Species and Serotype Diversity of Human Rhinoviruses from patients presenting with Influenza like illness in Kenya in 2008.

Citation:
Milanoi S, Opanda S, Opot B, Gachara G, Ongus J, Bulimo W. Species and Serotype Diversity of Human Rhinoviruses from patients presenting with Influenza like illness in Kenya in 2008.. Hilton Hotel; Nairobi, Kenya; 2014.

Abstract:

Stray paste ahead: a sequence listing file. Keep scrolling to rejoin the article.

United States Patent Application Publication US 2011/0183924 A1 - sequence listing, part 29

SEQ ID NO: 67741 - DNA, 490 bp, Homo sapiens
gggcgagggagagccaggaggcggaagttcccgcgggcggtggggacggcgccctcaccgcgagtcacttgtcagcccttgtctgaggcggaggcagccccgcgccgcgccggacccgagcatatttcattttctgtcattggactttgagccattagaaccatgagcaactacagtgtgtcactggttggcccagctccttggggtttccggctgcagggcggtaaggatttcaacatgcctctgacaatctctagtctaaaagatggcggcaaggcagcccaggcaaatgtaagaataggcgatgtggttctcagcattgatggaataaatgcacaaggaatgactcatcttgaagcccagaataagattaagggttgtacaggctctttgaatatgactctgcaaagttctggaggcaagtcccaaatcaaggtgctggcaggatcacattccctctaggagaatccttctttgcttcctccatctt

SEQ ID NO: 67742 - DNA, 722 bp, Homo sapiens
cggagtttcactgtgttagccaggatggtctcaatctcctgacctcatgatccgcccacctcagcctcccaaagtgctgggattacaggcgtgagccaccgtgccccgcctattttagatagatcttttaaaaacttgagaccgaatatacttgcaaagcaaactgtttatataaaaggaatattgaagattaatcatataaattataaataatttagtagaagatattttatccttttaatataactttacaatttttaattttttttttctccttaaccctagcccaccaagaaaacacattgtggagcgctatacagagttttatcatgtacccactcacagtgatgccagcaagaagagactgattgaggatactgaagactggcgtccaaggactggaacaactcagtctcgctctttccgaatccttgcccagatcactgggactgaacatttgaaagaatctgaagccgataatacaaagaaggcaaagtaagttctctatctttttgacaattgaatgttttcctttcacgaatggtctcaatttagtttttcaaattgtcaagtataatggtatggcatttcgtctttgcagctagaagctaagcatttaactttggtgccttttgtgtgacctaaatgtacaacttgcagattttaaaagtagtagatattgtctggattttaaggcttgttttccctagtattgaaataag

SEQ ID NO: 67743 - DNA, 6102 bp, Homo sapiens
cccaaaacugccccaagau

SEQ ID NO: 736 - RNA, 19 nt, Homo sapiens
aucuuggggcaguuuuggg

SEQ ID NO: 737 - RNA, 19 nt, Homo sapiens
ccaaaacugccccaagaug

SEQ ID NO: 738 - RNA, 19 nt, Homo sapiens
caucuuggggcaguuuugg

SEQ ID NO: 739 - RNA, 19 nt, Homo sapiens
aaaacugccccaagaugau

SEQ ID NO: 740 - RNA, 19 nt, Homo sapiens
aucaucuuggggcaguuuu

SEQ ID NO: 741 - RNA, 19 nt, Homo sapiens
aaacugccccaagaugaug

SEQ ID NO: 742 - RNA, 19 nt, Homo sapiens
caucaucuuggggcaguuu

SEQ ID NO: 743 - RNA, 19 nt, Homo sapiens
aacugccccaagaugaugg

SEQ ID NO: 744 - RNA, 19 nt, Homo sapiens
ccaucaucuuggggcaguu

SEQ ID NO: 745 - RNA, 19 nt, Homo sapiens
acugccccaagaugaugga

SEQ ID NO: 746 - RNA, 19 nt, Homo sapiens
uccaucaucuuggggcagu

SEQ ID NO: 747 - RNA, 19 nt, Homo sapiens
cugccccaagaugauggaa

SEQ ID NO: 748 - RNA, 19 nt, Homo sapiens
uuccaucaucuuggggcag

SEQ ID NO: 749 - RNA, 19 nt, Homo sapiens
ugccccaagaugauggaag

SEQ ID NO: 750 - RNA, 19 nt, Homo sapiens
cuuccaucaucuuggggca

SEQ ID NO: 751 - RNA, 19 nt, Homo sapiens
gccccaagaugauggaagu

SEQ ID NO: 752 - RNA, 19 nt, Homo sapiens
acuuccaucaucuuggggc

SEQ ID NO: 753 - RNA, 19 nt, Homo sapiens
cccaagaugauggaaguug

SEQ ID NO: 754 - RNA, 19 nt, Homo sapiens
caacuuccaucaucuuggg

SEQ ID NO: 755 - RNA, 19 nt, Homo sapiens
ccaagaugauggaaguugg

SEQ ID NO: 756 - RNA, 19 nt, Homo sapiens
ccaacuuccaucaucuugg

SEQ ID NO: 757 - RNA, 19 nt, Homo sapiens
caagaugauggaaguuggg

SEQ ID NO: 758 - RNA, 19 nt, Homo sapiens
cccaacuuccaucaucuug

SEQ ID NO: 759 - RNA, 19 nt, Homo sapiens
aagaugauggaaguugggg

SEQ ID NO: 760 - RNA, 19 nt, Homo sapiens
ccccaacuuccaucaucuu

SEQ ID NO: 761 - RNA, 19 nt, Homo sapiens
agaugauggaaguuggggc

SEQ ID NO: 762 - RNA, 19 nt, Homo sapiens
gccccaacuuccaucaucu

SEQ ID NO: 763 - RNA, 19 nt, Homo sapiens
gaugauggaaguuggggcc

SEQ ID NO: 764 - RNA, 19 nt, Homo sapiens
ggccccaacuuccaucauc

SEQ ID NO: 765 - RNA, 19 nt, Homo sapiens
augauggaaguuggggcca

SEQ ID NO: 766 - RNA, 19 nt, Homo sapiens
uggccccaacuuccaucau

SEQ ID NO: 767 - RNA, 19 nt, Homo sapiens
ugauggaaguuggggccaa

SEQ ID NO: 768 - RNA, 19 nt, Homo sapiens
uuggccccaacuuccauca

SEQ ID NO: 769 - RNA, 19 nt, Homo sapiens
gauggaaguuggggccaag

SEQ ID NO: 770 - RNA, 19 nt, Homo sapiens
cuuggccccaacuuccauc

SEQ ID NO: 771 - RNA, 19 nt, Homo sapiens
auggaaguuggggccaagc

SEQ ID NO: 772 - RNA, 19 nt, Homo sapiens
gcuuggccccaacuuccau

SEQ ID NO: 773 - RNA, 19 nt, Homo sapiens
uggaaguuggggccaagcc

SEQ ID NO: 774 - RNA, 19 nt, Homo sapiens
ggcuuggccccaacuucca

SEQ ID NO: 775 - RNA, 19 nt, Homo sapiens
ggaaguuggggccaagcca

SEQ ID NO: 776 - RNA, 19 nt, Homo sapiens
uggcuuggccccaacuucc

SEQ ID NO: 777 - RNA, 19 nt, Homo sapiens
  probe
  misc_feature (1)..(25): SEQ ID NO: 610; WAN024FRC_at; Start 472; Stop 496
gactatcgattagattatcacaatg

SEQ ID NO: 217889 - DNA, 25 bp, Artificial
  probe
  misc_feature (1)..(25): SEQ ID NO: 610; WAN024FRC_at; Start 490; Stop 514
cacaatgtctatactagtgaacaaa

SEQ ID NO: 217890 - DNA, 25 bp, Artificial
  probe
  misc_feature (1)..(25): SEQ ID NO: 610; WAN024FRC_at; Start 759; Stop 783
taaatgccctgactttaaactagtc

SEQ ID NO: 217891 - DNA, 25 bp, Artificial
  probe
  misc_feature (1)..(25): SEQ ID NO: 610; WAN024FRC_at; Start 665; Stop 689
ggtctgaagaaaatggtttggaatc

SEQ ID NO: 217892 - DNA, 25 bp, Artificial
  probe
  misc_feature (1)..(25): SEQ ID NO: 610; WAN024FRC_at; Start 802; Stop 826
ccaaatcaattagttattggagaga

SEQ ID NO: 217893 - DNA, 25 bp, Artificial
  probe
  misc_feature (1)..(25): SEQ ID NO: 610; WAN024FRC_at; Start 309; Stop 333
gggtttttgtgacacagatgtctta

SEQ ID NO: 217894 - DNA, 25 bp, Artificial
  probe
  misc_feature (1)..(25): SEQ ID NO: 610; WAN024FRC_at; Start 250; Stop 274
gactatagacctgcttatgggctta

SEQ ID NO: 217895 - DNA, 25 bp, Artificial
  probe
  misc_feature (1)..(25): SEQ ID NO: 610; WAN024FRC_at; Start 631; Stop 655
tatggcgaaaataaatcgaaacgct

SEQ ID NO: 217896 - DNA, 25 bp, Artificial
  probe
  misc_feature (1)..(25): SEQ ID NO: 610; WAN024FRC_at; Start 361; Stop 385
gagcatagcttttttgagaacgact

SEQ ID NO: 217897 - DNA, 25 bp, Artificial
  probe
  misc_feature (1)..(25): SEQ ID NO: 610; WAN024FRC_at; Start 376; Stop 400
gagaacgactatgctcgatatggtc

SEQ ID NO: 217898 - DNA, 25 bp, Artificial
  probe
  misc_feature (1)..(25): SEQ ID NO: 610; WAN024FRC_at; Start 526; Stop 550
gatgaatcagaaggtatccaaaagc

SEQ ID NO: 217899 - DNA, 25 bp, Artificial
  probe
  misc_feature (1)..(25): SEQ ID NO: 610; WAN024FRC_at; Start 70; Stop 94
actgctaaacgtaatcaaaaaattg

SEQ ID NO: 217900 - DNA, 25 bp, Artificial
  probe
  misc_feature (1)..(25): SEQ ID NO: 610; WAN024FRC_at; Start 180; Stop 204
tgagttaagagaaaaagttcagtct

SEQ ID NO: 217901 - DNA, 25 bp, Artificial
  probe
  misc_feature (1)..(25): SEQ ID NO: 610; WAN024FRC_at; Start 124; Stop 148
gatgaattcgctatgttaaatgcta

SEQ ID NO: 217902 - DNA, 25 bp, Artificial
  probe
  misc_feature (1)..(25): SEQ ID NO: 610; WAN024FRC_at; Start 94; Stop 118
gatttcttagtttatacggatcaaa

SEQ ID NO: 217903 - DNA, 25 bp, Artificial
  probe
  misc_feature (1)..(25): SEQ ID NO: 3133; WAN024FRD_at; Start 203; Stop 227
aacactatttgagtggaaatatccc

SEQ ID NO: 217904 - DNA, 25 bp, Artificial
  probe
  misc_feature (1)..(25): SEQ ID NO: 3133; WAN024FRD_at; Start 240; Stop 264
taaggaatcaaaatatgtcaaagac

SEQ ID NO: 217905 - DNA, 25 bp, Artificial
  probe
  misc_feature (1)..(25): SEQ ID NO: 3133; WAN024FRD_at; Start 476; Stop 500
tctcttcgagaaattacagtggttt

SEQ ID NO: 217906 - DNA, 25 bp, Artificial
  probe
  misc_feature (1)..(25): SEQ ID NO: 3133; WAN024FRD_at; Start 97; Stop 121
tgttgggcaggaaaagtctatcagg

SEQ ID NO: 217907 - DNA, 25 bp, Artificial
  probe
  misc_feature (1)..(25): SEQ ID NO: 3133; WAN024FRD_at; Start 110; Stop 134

tract infections, the main cause of the common cold and recently have been associated with more serious respiratory infections. There are over 100 known serotypes of HRV, classified into 3 species (A, B and C). In Kenya, there is scanty information regarding the genotypic characteristics of HRV in circulation.Objective: To determine the species and serotype diversity of HRV that circulated in Kenya in 2008 among patients presenting with ILI.Methodology: 517 nasopharyngeal samples collected from patients >2months old who attended outpatient clinics included in the USAMRU-K respiratory diseases surveillance network were used. Real time RT-PCR was employed to detect HRV followed by targeted amplification of part of the 5’ non-coding region and the VP4/VP2 gene of all HRV-positive samples. Upon nucleotide sequencing, the sequences were then compared to prototype and homotypic rhinovirus reference strains to establish serotype identities and a phylogenetic tree was constructed.Results: HRV was detected in 131 (25%) samples. Of these 33 (25%) amplified successfully which upon nucleotide sequencing 29 (87%) yielded usable sequences. Phylogenetic analysis based on VP4/VP2 genomic region revealed separation of Kenyan strains into three clusters corresponding to HRV A, B and C species. Majority (n=17) belonged to HRVA species,(serotypes: 29 [n=2], -47, -1 [n=2], -56, -49[n=2], -30, -106, -20[n=2],-45, -58 [n=2], -45 and -78) three belonged to HRV B species: (-37, -84, and -91) whereas 9 belonged to HRV C species: (-2[n=3], -14, -7, -13[n=2], -31, and -36). Conclusion: This study demonstrates circulation of Human Rhinoviruses in Kenya and indicates high genetic diversity among these viruses. The findings suggest that HRV A and C strains played a key role in human respiratory infections in Kenya in 2008. Knowledge about circulating HRV strains is important as it may help guide development of therapeutic strategies against HRV infections.

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